The guest cabins, including a comfortable VIP, are on the lower deck. Each has a different colour scheme, highly personalised décor and beautiful marble and colourful mosaics in the showers. The crew cabins (four twins and one single for the captain) are forward of a pleasant crew mess. A clever use of skylights allows light to stream belowdecks and the space is both practical and comfortable.
The pilothouse, up a few steps from the main deck, mirrors the progressive styling of the yacht herself. The modern bridge at the centre of it all was designed, assembled and built at Palmer Johnson, with control panels from Praxis Automation Technology. The wide windscreen offers a surprisingly good view despite the pronounced slant. A second, smaller helm station, or “skybridge”, is on the sundeck above. Modern Edge, an industrial design company based in Portland, Oregon, worked with Palmer Johnson on the design of this stainless steel and GRP console, which fits perfectly with the yacht’s exterior styling and integrates neatly with the Praxis control panels. Wing stations are on fold-out balconies, usually framed by removable stanchions and rails. Like many of this yacht’s design features, they are revealed only on closer inspection.
Disappearing navigation mast
Khalilah does have a forward navigation mast, but it disappears into the bowels of the vessel when not in use. The only indication of something there is the round shape of the teak detail forward of the sunpads. A system brings the mast up from below. Opening the trap and descending a rather steep ladder reveals a massive and perfectly finished mooring room where several crew can stand fully erect to supervise docking operations. Two anchors drop vertically from the bottom of that room, a system the yard chose to avoid unsightly anchor pockets that distract from the styling.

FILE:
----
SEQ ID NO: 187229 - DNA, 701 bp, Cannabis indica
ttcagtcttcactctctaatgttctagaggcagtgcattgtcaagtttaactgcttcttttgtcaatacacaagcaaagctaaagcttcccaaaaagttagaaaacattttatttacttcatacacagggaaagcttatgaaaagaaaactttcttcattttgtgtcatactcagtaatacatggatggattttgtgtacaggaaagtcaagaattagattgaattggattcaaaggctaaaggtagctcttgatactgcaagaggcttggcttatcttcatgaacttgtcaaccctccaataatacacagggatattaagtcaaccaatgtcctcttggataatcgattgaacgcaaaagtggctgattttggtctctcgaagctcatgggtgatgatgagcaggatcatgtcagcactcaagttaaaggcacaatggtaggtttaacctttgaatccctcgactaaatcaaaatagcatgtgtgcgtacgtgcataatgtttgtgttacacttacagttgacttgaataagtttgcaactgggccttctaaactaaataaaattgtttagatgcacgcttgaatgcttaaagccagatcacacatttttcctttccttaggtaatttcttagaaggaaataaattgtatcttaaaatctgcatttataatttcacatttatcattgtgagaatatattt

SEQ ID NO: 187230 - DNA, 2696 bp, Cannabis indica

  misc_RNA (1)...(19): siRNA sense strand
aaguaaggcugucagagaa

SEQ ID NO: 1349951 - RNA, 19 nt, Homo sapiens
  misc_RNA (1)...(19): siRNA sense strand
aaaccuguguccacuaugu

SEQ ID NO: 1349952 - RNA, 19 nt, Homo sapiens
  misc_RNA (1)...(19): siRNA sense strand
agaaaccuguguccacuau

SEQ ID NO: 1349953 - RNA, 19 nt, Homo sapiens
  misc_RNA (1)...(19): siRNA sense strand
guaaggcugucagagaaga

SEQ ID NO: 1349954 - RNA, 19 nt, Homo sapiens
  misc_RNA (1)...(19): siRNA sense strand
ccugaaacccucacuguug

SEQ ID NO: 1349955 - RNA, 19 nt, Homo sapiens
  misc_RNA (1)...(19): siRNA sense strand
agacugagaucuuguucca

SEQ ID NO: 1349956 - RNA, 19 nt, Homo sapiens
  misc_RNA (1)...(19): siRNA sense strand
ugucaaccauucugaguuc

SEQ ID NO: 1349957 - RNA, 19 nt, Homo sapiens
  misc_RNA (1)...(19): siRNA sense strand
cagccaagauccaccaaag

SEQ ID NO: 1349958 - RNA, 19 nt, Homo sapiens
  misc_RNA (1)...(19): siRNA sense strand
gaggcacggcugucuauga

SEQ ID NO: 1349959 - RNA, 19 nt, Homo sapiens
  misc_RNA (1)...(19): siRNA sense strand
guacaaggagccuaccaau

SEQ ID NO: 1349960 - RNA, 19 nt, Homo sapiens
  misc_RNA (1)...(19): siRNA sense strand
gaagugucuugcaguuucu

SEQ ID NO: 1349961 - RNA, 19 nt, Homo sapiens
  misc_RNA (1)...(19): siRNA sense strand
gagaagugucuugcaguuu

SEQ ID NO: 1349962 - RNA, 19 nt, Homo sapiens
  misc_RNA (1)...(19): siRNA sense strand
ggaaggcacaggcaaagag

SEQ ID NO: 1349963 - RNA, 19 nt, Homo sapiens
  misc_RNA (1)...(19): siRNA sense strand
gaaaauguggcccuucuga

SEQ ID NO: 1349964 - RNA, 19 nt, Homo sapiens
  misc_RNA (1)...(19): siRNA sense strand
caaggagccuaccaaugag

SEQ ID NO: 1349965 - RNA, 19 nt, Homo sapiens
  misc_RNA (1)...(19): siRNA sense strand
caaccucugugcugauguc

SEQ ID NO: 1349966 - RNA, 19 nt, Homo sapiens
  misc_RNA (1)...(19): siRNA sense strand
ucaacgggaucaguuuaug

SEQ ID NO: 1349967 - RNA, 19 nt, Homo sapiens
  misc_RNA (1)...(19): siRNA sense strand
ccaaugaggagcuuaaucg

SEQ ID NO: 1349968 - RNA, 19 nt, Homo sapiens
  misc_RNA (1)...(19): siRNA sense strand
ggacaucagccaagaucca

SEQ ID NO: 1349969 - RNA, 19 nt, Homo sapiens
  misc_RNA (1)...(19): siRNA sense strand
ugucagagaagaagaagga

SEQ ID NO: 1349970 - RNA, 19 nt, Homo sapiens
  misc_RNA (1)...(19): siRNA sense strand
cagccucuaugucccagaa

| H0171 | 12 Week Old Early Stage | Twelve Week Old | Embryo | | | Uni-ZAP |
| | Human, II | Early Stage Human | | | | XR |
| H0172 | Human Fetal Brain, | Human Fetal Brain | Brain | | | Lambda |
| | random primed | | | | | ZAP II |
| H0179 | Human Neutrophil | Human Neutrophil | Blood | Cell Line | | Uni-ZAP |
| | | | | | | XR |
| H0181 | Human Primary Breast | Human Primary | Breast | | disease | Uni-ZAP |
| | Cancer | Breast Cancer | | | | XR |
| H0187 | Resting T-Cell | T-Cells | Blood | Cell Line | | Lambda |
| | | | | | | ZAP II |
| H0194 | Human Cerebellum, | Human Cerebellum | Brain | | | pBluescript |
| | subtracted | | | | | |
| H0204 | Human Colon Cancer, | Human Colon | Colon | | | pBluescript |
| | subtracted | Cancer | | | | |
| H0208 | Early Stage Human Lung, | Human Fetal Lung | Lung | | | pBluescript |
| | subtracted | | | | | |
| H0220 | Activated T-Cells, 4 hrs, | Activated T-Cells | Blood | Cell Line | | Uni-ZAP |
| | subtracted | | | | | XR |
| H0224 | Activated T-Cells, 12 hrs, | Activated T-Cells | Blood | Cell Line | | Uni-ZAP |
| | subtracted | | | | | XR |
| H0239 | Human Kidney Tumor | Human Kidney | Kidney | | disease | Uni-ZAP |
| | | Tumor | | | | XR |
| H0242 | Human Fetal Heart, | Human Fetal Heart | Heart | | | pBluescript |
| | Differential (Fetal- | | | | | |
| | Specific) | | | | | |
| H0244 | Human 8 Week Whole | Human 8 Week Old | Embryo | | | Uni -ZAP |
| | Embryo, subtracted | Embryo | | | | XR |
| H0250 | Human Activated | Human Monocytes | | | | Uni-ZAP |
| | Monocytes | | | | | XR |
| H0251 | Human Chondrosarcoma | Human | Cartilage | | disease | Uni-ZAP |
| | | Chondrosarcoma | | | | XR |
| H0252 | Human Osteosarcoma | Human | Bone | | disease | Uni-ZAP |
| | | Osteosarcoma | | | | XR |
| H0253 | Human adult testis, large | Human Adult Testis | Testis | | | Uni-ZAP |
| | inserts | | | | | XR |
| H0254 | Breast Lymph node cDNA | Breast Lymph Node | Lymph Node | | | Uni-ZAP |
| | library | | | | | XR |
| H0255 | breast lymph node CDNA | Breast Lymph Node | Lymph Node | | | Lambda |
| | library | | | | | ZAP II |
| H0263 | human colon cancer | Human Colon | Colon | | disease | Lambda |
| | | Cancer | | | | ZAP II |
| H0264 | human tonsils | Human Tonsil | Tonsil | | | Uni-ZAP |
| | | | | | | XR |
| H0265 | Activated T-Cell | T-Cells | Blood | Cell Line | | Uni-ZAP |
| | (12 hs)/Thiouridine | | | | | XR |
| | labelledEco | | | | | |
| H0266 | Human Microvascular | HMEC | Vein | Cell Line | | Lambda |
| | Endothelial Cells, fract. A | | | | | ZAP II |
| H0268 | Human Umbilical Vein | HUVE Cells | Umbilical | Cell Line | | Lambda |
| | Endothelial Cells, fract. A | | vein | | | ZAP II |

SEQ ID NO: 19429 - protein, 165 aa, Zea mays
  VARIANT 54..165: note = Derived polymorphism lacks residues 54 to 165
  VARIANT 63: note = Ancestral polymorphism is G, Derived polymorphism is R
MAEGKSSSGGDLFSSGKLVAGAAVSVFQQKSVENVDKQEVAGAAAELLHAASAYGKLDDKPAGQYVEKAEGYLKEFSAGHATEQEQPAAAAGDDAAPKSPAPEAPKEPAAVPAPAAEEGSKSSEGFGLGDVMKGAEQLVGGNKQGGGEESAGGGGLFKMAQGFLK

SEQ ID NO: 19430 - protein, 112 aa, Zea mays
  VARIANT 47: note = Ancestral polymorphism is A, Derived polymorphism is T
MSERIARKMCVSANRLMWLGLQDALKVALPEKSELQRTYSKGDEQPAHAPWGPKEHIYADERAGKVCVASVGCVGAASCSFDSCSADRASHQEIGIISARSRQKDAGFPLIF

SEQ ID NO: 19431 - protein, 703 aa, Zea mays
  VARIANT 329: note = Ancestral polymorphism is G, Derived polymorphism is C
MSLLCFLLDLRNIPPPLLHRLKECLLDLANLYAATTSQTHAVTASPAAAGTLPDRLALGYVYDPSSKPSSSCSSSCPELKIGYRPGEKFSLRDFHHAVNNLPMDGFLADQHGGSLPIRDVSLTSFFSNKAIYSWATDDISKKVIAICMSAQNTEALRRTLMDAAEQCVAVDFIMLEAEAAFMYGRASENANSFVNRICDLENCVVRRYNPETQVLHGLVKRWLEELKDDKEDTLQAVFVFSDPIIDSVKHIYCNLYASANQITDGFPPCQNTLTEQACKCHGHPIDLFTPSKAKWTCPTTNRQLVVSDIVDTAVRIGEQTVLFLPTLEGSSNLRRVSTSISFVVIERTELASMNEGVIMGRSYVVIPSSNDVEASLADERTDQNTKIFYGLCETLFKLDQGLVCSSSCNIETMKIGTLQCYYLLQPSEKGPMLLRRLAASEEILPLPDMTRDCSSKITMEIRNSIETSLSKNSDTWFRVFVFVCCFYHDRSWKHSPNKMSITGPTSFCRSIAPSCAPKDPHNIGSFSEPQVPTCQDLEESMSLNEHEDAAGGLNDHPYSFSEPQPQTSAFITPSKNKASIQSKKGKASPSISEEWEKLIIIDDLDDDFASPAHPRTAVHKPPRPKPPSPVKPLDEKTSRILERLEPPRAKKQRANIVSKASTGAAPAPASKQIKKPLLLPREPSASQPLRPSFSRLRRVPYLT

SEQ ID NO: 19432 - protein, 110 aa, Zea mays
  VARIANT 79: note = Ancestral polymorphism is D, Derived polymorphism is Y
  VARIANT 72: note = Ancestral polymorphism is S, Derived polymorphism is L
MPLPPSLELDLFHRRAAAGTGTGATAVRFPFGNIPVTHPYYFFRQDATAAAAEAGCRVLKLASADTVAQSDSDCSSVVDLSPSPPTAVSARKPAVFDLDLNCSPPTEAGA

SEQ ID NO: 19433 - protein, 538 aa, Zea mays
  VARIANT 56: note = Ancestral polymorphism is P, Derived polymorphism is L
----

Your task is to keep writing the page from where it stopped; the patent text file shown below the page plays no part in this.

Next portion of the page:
Practicality dictated most of the choices that the yard made on the technical side, from the sound damping material (Dynamat, a product commonly used in automotive and architectural applications) to the fixed Kohler generators and the conventional diesel power plant included. Most, but not all, of course. When you seek to provoke an emotional reaction and create a strong attachment from an owner to his or her yacht, the details count.
The owner of Khalilah clearly has a thing for gold, which is found at the heart of the engine room as a custom finish on the two MTU engine blocks. Gold suggests glamour and confidence but also courage and passion. It took all of that to imagine and build the first SuperSport. Now let’s hope the golden Khalilah will also mean prosperity for this forward-thinking US yacht builder.
Images by Q&K